American horror writer Peter Straub - who has collaborated with the Aurora Orchestra for their new touring show Thriller - at St Paul's School in Barnes, London, 2011. Photo: Yui Mok/PA Images via Getty Images
Peter Straub, Bestselling American Horror Writer, Dies at 79
Friend and co-author Stephen King has said the author's 1979 book, "Ghost Story," is his favourite horror novel. / BY Robert Wiersema / September 7th, 2022
Iconic American writer Peter Straub died in New York on Sept. 4, with his family at his hospital bedside, following a long illness and complications from a broken hip. He was 79.
Straub, who was born in Milwaukee, Wisc., is best known as a horror writer, part of a 70s boom that included Anne Rice, Dean Koontz and Stephen King. King has referred to Straub’s Ghost Story (1979) as his favourite horror novel, saying the book “scared the hell outta me.” Straub collaborated with King on the bestselling novel The Talisman (1984), which is being adapted as a Netflix series by the Duffer brothers (Stranger Things) in cooperation with Steven Spielberg. King and Straub also co-wrote The Talisman sequel, Black House, in 2001.
Despite his renown as a horror writer, Straub resisted the label. Given the range of his work, he is more accurately described as a fabulist, combining elements of fantasy, horror and the supernatural into a unique approach.
Following Straub’s death, social media was filled with testimonials about his work and life. Neil Gaiman, who wrote American Gods and The Sandman, referred to him as “one of the best writers I’ve read, one of the best friends I’ve known. Always kind, funny, irascible, brilliant.” Canadian authors Guy Gavriel Kay and Andrew Pyper added their voices to the choir, with Pyper – whose historical horror novel set in the White House, The Residence, came out in 2020 – acknowledging he was an “enormous influence on my writing (and I know I’m not alone.)”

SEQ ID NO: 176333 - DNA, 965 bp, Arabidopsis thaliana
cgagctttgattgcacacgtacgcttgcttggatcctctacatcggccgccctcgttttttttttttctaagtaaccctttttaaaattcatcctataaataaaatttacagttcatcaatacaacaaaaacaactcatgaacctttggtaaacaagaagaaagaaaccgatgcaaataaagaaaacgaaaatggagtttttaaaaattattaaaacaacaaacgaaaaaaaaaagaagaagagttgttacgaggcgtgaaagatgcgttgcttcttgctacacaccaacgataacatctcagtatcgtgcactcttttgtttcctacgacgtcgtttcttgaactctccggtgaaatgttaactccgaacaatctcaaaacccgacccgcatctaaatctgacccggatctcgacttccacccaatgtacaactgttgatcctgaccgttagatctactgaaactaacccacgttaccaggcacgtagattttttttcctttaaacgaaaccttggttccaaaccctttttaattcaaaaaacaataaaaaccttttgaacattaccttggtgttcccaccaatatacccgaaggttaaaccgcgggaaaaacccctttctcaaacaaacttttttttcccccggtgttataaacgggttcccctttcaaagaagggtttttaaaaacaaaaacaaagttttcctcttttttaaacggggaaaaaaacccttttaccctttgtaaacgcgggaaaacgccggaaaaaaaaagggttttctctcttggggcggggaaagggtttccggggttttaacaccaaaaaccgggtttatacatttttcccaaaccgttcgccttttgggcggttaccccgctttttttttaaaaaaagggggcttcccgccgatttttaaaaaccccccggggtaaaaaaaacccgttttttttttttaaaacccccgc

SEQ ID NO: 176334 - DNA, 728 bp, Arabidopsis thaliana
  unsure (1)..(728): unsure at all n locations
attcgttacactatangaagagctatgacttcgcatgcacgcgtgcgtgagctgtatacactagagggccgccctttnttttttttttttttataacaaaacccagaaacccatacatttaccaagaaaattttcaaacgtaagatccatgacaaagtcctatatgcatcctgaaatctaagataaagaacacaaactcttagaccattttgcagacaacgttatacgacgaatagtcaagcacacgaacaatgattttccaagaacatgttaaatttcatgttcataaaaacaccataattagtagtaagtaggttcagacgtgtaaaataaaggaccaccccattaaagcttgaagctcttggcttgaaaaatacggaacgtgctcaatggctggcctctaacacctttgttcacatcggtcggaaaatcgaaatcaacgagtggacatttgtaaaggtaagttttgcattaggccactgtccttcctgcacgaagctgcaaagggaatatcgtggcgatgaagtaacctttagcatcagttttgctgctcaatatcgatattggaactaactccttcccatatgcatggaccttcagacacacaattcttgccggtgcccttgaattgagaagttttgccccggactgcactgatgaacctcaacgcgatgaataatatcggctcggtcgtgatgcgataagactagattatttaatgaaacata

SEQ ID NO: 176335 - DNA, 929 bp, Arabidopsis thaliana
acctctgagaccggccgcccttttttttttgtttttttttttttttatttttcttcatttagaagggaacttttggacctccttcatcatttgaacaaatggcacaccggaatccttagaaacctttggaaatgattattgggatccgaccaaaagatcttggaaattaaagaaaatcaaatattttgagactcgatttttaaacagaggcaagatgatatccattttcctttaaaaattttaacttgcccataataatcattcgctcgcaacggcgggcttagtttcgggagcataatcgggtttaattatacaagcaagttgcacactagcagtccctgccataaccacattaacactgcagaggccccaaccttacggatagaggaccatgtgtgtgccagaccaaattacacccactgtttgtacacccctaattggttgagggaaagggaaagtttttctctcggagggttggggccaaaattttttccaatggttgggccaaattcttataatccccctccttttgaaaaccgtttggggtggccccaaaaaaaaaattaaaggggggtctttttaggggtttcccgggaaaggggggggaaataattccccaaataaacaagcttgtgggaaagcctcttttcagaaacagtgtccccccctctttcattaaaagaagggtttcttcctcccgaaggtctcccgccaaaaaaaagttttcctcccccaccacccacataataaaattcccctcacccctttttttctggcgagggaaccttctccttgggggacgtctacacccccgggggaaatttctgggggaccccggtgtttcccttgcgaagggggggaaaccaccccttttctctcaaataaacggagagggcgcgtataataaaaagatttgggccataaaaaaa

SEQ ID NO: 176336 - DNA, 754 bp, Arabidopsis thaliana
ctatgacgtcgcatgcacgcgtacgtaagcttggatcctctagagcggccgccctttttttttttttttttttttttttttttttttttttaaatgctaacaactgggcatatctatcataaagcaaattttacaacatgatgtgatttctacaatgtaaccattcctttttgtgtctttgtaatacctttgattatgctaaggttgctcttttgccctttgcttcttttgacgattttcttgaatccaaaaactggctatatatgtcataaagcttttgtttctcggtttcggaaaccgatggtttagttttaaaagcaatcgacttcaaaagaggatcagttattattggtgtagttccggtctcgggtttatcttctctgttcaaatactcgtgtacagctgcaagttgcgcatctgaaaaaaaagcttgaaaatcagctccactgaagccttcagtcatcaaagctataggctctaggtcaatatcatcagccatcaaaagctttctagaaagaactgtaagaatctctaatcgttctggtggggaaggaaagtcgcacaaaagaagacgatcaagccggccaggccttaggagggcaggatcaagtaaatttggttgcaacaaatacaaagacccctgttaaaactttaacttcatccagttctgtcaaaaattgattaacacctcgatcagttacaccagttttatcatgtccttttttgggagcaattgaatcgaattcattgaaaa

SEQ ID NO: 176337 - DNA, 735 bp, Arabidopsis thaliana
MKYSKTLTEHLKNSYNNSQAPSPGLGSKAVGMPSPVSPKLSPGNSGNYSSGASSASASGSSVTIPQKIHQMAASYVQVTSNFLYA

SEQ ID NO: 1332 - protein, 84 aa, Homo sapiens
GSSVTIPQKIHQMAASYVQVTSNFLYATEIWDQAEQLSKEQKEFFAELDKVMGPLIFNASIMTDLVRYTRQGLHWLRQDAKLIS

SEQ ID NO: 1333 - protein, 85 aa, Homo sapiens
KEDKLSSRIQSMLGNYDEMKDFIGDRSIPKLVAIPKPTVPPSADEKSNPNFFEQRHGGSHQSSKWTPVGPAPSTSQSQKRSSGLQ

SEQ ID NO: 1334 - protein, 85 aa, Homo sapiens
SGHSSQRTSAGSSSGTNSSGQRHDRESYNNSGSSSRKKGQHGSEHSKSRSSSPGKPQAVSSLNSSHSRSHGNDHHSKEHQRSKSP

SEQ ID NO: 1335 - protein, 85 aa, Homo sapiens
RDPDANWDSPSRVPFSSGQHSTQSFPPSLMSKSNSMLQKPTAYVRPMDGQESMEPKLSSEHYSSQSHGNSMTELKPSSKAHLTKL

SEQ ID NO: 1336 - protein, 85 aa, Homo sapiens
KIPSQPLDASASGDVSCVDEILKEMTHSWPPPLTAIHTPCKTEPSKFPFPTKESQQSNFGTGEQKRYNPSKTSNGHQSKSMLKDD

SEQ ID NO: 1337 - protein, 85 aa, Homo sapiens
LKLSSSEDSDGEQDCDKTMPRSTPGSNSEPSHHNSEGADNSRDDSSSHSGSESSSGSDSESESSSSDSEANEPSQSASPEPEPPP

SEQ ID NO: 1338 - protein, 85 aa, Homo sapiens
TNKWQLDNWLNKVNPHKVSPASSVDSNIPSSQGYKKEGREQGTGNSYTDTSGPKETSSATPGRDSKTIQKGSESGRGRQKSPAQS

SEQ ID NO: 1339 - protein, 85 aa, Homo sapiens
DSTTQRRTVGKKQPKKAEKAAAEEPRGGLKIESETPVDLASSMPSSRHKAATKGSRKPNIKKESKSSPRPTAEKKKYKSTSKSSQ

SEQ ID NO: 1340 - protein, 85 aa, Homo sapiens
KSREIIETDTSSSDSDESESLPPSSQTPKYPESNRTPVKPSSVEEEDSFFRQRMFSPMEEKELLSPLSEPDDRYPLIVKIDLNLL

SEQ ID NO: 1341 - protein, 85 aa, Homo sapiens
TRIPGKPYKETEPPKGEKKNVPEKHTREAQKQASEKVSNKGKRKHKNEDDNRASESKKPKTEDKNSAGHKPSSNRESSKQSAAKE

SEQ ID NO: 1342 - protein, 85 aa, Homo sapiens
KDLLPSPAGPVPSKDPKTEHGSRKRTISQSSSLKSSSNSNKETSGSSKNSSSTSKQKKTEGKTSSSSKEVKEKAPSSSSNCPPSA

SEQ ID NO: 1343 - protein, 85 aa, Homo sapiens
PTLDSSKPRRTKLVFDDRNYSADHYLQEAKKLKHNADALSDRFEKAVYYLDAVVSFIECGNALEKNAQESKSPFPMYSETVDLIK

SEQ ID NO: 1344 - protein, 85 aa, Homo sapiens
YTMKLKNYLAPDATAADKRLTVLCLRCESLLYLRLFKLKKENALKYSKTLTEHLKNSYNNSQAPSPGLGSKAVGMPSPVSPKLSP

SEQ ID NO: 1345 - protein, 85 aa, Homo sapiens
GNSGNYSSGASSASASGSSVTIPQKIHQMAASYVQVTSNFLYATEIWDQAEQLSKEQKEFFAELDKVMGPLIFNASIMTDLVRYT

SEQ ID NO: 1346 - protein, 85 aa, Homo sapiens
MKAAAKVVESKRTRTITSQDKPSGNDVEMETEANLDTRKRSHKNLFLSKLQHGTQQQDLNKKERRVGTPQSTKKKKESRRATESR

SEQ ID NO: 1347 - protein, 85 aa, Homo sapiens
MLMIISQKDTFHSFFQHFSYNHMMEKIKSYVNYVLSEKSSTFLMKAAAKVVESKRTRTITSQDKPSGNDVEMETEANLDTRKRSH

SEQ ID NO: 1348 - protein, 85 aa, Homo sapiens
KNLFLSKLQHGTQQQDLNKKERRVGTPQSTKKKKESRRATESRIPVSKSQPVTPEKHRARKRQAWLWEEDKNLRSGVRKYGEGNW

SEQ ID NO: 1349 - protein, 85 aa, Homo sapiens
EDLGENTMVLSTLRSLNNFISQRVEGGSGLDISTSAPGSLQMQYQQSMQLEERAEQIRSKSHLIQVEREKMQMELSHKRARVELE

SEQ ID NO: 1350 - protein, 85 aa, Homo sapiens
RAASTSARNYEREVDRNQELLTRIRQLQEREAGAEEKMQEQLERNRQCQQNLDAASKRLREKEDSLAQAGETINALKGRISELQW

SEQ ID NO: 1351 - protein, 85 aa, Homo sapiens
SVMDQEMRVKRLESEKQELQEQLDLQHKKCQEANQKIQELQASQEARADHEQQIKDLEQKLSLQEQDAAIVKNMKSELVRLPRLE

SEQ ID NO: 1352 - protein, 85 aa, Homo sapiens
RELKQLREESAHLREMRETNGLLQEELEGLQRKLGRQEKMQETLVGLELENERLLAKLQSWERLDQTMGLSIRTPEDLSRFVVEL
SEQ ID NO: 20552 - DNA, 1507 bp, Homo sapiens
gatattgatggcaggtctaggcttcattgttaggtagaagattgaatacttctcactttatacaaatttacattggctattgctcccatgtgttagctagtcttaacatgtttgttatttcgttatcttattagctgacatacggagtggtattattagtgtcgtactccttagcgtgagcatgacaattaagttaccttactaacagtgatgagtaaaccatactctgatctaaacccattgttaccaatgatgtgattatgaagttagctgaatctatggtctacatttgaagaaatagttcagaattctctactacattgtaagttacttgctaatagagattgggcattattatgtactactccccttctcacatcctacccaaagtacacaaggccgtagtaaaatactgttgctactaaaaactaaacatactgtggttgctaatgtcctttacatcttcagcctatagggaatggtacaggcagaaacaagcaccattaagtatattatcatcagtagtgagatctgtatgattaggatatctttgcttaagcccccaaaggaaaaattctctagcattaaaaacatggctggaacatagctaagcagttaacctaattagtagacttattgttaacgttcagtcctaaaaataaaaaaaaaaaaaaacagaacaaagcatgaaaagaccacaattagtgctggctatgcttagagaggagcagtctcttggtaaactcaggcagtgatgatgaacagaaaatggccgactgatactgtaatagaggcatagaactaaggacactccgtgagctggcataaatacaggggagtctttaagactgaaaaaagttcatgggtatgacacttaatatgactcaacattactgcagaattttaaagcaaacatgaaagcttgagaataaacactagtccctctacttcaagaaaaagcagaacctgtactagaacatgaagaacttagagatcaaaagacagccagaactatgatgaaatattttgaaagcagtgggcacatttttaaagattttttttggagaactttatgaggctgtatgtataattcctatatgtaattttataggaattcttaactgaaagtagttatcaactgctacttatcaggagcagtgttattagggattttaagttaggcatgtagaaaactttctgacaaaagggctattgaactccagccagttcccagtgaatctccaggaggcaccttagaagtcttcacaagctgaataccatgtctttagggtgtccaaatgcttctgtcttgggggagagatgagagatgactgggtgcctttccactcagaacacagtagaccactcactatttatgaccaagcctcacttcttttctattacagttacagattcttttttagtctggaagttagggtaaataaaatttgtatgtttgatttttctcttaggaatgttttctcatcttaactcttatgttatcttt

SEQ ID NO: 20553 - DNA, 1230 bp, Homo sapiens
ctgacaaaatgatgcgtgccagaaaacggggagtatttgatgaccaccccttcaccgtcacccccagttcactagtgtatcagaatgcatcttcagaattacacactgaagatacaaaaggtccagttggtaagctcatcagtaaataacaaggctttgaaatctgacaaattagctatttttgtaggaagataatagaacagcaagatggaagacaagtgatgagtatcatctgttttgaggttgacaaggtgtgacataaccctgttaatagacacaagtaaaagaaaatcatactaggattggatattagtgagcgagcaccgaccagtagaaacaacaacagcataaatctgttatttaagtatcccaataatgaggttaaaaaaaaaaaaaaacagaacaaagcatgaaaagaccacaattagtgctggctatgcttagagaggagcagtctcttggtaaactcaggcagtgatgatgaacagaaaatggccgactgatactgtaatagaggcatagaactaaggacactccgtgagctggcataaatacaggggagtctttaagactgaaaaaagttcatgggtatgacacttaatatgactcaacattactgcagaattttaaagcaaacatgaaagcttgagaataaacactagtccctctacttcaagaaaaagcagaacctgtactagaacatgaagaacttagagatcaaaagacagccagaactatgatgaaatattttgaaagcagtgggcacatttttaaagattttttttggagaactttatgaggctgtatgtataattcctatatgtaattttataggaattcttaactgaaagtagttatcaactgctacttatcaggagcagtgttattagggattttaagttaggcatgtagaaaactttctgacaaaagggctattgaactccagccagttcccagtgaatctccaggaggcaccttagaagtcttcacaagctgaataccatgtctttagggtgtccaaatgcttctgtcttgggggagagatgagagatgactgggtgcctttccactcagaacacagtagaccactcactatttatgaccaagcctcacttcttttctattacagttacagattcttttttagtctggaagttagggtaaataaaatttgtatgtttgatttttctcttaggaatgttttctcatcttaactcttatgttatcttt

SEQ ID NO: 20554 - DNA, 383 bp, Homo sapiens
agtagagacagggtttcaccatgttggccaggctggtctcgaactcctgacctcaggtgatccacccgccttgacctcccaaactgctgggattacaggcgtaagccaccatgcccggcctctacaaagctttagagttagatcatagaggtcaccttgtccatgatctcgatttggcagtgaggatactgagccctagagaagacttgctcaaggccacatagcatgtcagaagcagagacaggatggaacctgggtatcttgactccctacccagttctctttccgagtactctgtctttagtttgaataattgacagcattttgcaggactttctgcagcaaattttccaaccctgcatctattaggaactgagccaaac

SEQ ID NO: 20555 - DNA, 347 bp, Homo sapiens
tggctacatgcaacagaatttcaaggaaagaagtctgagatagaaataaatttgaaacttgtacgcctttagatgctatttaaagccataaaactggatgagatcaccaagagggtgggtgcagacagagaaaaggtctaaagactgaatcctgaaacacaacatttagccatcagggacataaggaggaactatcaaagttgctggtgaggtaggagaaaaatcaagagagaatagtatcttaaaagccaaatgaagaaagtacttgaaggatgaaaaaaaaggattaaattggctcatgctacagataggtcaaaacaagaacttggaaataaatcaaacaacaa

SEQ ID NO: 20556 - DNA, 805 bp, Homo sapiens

The most touching memorial came from Straub’s daughter, Emma Straub, an author and bookseller whose most recent novel, This Time Tomorrow, was based on her relationship with her father. In a multi-tweet thread, she wrote: “This Time Tomorrow was all about him dying, which is a weird thing to give your parent when they are, in fact, alive, but I am so glad I did. … That book, and our mutual understanding, mean that when he died, I didn’t doubt for a second that he knew how grateful I was to be his, and vice versa.”